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[239] in Europe. I will endeavor to render it more public. The ‘Paradiso’ is finished, and I hope the impression will soon begin.

Your sincere friend,

John, Duke of Saxony.

To Charles S. Daveis.

Manchester, September 10, 1848.
1 My dear Charles,—you have not kept your tryst. . . . . However, I dare say we shall find a room for you, if you will find a locus poenitentioe for us, though, as we have no safety-valve in our territory, like the Tremont House, and as our own hotel is rather popular, not to say populous, just now, I recommend it to you to give us notice a day or two if you have any kind purpose in our favor . . . . We have had beautiful weather ever since you were here, and much good, pleasant company staying with us. I only wish you had been with us to share our pleasures, both rural and marine, bucolic and piscatory.

Of the external world I know little. I have been in Boston but once for above two months, and hope not to be obliged to go there again for above a month more. But, now and then, somebody comes to me wandering over the morning dew,—as the shepherds did to Parnell's Hermit,—and I hear in this way of the bustle of the great world of our little city, without being incommoded by its stir. From what I hear I suspect the early Taylorites in my neighborhood do not feel so easy as they did when I saw them last . . . . . Moreover, they begin to be afraid, as Macbeth did, that they have ‘'filed their minds,’ after all, for somebody's else benefit and not for their own, or that of their party. They begin to be afraid, in short, that Taylor may not be chosen. . . . . . I am, on the contrary, of the mind of the elder brother in ‘Comus’:—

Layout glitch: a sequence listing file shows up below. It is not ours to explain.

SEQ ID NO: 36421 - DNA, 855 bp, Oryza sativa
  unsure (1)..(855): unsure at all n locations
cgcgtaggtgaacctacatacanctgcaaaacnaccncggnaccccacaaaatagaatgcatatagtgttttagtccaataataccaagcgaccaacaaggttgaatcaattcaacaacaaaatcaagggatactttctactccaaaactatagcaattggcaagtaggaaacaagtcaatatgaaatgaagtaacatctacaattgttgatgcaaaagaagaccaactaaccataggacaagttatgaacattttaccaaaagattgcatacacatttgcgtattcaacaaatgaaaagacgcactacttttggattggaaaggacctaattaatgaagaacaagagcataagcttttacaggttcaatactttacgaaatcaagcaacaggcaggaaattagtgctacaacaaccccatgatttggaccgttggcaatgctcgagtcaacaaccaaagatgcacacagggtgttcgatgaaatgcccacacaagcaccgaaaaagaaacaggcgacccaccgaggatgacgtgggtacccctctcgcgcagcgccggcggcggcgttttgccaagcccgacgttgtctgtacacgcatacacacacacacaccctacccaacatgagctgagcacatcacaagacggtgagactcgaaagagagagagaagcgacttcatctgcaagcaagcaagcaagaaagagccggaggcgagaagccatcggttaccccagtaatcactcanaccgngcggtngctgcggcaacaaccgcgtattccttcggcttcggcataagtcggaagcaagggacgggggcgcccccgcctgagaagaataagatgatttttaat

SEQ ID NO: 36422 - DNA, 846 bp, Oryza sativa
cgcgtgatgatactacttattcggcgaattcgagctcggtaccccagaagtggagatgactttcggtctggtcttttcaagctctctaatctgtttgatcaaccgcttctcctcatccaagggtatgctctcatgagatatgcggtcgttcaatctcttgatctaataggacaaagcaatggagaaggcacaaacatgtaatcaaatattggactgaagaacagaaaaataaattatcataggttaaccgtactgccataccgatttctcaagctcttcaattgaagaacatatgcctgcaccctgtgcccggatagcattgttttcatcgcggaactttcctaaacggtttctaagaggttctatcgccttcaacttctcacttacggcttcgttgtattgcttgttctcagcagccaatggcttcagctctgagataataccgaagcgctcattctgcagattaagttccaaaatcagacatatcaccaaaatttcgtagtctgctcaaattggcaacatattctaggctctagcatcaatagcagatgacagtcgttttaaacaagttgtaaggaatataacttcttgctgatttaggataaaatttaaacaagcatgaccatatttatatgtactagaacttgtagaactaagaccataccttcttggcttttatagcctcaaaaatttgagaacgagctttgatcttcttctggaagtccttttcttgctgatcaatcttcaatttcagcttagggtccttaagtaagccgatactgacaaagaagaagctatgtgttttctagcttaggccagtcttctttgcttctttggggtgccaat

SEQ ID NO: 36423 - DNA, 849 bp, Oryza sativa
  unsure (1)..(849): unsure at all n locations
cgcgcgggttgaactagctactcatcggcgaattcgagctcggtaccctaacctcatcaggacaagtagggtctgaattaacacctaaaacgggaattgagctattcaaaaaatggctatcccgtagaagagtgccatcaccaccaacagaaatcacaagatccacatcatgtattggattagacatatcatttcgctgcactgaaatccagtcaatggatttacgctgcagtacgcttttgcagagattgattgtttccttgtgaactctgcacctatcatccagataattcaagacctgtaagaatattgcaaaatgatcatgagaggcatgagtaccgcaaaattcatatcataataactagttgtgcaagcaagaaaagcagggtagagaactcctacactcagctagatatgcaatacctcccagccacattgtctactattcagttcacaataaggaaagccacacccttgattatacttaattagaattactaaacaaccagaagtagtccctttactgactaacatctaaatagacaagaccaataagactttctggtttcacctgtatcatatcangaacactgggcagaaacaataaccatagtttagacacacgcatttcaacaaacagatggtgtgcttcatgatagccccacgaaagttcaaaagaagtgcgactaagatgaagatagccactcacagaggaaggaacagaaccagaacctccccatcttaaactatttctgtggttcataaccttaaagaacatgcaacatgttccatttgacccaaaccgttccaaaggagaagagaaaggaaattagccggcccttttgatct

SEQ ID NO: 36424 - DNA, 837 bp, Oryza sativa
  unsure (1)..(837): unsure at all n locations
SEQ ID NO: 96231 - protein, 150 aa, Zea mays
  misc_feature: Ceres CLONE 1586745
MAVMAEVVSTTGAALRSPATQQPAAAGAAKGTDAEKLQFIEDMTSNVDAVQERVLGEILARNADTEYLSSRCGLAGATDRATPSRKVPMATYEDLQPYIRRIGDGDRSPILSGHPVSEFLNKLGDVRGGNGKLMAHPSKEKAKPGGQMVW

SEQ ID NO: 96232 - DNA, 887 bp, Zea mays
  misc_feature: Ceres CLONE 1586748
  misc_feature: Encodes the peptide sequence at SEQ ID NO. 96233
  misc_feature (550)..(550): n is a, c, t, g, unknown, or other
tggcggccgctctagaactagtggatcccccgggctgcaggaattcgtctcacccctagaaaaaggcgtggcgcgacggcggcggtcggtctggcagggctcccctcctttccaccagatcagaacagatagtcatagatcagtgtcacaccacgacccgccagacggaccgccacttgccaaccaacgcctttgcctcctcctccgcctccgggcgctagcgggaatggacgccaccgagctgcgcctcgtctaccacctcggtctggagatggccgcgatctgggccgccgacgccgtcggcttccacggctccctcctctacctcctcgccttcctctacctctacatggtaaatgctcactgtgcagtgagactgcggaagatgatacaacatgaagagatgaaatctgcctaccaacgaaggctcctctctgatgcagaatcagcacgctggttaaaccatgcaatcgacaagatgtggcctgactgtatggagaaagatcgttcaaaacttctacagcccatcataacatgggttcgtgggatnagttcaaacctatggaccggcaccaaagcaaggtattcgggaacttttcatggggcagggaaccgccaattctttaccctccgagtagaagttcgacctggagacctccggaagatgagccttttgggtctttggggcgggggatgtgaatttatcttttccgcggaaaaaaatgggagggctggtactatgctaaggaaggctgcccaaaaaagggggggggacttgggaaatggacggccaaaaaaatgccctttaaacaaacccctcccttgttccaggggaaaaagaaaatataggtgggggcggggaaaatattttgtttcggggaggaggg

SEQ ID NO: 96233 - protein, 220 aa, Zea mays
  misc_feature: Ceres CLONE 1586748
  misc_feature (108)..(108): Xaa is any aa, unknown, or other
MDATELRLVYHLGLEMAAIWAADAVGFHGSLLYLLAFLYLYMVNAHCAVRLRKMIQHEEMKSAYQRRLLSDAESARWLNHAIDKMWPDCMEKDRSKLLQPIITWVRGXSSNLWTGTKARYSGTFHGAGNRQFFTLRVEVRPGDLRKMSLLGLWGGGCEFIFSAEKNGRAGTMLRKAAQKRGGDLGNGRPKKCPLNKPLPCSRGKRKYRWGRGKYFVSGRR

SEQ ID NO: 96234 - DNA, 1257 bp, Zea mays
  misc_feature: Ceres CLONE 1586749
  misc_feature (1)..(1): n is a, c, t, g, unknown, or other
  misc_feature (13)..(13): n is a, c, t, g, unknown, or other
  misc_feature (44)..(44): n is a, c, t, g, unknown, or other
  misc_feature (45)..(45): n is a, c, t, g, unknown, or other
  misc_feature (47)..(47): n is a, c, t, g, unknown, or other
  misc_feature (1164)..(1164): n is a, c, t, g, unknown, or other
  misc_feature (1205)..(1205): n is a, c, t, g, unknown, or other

I incline to hope, rather than fear,
And gladly banish squint suspicion.

I shall vote for Taylor, and if you do as well for him in Maine as Vermont has done, you will yet give him your personal vote as an elector . . . .

I write to you about politics because there is nothing else hereabouts to send you, except a little orthodoxy from the village church, or a

1 This and the two following summers were passed by Mr. Ticknor on the northern shore of Massachusetts Bay, where he had hired a pleasant house, standing on the edge of a cliff directly by the sea, and having a hundred acres of wood and field around it.

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